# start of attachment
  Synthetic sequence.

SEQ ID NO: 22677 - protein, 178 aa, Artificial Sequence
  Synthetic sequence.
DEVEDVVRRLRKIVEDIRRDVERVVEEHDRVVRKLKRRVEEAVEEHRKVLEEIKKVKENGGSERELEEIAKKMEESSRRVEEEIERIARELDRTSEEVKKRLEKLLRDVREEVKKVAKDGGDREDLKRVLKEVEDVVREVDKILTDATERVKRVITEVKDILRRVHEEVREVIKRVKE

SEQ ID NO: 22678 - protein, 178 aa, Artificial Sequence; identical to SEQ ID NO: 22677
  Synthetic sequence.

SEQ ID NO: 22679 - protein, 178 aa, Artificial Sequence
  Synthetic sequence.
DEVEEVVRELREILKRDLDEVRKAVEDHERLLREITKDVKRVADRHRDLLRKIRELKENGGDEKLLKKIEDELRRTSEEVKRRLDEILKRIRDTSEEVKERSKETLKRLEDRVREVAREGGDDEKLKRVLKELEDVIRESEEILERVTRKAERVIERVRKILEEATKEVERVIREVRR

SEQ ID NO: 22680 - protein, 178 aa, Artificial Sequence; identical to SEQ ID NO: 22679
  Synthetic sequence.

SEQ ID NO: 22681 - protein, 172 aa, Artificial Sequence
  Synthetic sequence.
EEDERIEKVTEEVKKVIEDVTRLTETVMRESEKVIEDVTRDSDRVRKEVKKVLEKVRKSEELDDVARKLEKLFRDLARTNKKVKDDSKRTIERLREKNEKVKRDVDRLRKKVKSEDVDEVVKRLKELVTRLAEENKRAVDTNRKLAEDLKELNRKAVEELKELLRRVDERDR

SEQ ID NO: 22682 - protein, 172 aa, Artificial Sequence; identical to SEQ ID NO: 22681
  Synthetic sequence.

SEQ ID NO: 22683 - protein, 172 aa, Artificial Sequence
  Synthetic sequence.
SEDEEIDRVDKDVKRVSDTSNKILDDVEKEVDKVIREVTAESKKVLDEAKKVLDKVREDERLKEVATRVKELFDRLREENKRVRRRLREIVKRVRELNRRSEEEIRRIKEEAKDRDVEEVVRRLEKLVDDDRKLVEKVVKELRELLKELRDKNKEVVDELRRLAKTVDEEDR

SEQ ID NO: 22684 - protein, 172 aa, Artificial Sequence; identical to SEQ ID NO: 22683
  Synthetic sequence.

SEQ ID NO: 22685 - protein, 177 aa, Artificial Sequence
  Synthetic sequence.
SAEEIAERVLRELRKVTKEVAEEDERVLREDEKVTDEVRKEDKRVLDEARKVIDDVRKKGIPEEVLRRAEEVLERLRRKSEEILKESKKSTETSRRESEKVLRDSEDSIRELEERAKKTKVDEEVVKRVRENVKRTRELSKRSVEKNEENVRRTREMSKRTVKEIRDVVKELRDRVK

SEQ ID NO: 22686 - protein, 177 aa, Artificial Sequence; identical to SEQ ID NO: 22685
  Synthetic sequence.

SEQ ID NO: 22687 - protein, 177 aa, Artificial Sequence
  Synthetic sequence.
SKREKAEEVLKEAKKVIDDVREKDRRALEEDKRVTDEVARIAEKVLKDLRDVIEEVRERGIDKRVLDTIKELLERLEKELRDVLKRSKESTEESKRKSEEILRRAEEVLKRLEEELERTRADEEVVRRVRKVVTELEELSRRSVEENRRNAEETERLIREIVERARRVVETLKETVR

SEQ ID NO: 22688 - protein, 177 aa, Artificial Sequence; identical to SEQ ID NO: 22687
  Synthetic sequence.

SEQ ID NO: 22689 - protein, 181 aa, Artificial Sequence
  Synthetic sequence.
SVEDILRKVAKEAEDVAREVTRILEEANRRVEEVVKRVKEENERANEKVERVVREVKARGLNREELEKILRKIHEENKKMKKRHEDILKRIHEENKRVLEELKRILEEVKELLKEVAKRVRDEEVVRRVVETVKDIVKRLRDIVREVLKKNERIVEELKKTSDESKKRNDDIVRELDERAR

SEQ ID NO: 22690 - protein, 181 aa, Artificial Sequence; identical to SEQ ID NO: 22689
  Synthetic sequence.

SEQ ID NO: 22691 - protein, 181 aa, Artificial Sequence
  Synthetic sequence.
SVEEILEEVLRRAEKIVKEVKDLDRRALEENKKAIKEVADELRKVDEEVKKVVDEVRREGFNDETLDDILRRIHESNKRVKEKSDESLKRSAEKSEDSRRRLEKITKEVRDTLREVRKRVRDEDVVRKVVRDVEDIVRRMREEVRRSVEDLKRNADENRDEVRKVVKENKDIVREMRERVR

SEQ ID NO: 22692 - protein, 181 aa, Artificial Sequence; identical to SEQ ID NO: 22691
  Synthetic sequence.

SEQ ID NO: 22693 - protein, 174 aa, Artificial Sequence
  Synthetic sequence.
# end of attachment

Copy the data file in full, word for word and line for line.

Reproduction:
  Synthetic sequence.

SEQ ID NO: 22677 - protein, 178 aa, Artificial Sequence
  Synthetic sequence.
DEVEDVVRRLRKIVEDIRRDVERVVEEHDRVVRKLKRRVEEAVEEHRKVLEEIKKVKENGGSERELEEIAKKMEESSRRVEEEIERIARELDRTSEEVKKRLEKLLRDVREEVKKVAKDGGDREDLKRVLKEVEDVVREVDKILTDATERVKRVITEVKDILRRVHEEVREVIKRVKE

SEQ ID NO: 22678 - protein, 178 aa, Artificial Sequence; identical to SEQ ID NO: 22677
  Synthetic sequence.

SEQ ID NO: 22679 - protein, 178 aa, Artificial Sequence
  Synthetic sequence.
DEVEEVVRELREILKRDLDEVRKAVEDHERLLREITKDVKRVADRHRDLLRKIRELKENGGDEKLLKKIEDELRRTSEEVKRRLDEILKRIRDTSEEVKERSKETLKRLEDRVREVAREGGDDEKLKRVLKELEDVIRESEEILERVTRKAERVIERVRKILEEATKEVERVIREVRR

SEQ ID NO: 22680 - protein, 178 aa, Artificial Sequence; identical to SEQ ID NO: 22679
  Synthetic sequence.

SEQ ID NO: 22681 - protein, 172 aa, Artificial Sequence
  Synthetic sequence.
EEDERIEKVTEEVKKVIEDVTRLTETVMRESEKVIEDVTRDSDRVRKEVKKVLEKVRKSEELDDVARKLEKLFRDLARTNKKVKDDSKRTIERLREKNEKVKRDVDRLRKKVKSEDVDEVVKRLKELVTRLAEENKRAVDTNRKLAEDLKELNRKAVEELKELLRRVDERDR

SEQ ID NO: 22682 - protein, 172 aa, Artificial Sequence; identical to SEQ ID NO: 22681
  Synthetic sequence.

SEQ ID NO: 22683 - protein, 172 aa, Artificial Sequence
  Synthetic sequence.
SEDEEIDRVDKDVKRVSDTSNKILDDVEKEVDKVIREVTAESKKVLDEAKKVLDKVREDERLKEVATRVKELFDRLREENKRVRRRLREIVKRVRELNRRSEEEIRRIKEEAKDRDVEEVVRRLEKLVDDDRKLVEKVVKELRELLKELRDKNKEVVDELRRLAKTVDEEDR

SEQ ID NO: 22684 - protein, 172 aa, Artificial Sequence; identical to SEQ ID NO: 22683
  Synthetic sequence.

SEQ ID NO: 22685 - protein, 177 aa, Artificial Sequence
  Synthetic sequence.
SAEEIAERVLRELRKVTKEVAEEDERVLREDEKVTDEVRKEDKRVLDEARKVIDDVRKKGIPEEVLRRAEEVLERLRRKSEEILKESKKSTETSRRESEKVLRDSEDSIRELEERAKKTKVDEEVVKRVRENVKRTRELSKRSVEKNEENVRRTREMSKRTVKEIRDVVKELRDRVK

SEQ ID NO: 22686 - protein, 177 aa, Artificial Sequence; identical to SEQ ID NO: 22685
  Synthetic sequence.

SEQ ID NO: 22687 - protein, 177 aa, Artificial Sequence
  Synthetic sequence.
SKREKAEEVLKEAKKVIDDVREKDRRALEEDKRVTDEVARIAEKVLKDLRDVIEEVRERGIDKRVLDTIKELLERLEKELRDVLKRSKESTEESKRKSEEILRRAEEVLKRLEEELERTRADEEVVRRVRKVVTELEELSRRSVEENRRNAEETERLIREIVERARRVVETLKETVR

SEQ ID NO: 22688 - protein, 177 aa, Artificial Sequence; identical to SEQ ID NO: 22687
  Synthetic sequence.

SEQ ID NO: 22689 - protein, 181 aa, Artificial Sequence
  Synthetic sequence.
SVEDILRKVAKEAEDVAREVTRILEEANRRVEEVVKRVKEENERANEKVERVVREVKARGLNREELEKILRKIHEENKKMKKRHEDILKRIHEENKRVLEELKRILEEVKELLKEVAKRVRDEEVVRRVVETVKDIVKRLRDIVREVLKKNERIVEELKKTSDESKKRNDDIVRELDERAR

SEQ ID NO: 22690 - protein, 181 aa, Artificial Sequence; identical to SEQ ID NO: 22689
  Synthetic sequence.

SEQ ID NO: 22691 - protein, 181 aa, Artificial Sequence
  Synthetic sequence.
SVEEILEEVLRRAEKIVKEVKDLDRRALEENKKAIKEVADELRKVDEEVKKVVDEVRREGFNDETLDDILRRIHESNKRVKEKSDESLKRSAEKSEDSRRRLEKITKEVRDTLREVRKRVRDEDVVRKVVRDVEDIVRRMREEVRRSVEDLKRNADENRDEVRKVVKENKDIVREMRERVR

SEQ ID NO: 22692 - protein, 181 aa, Artificial Sequence; identical to SEQ ID NO: 22691
  Synthetic sequence.

SEQ ID NO: 22693 - protein, 174 aa, Artificial Sequence
  Synthetic sequence.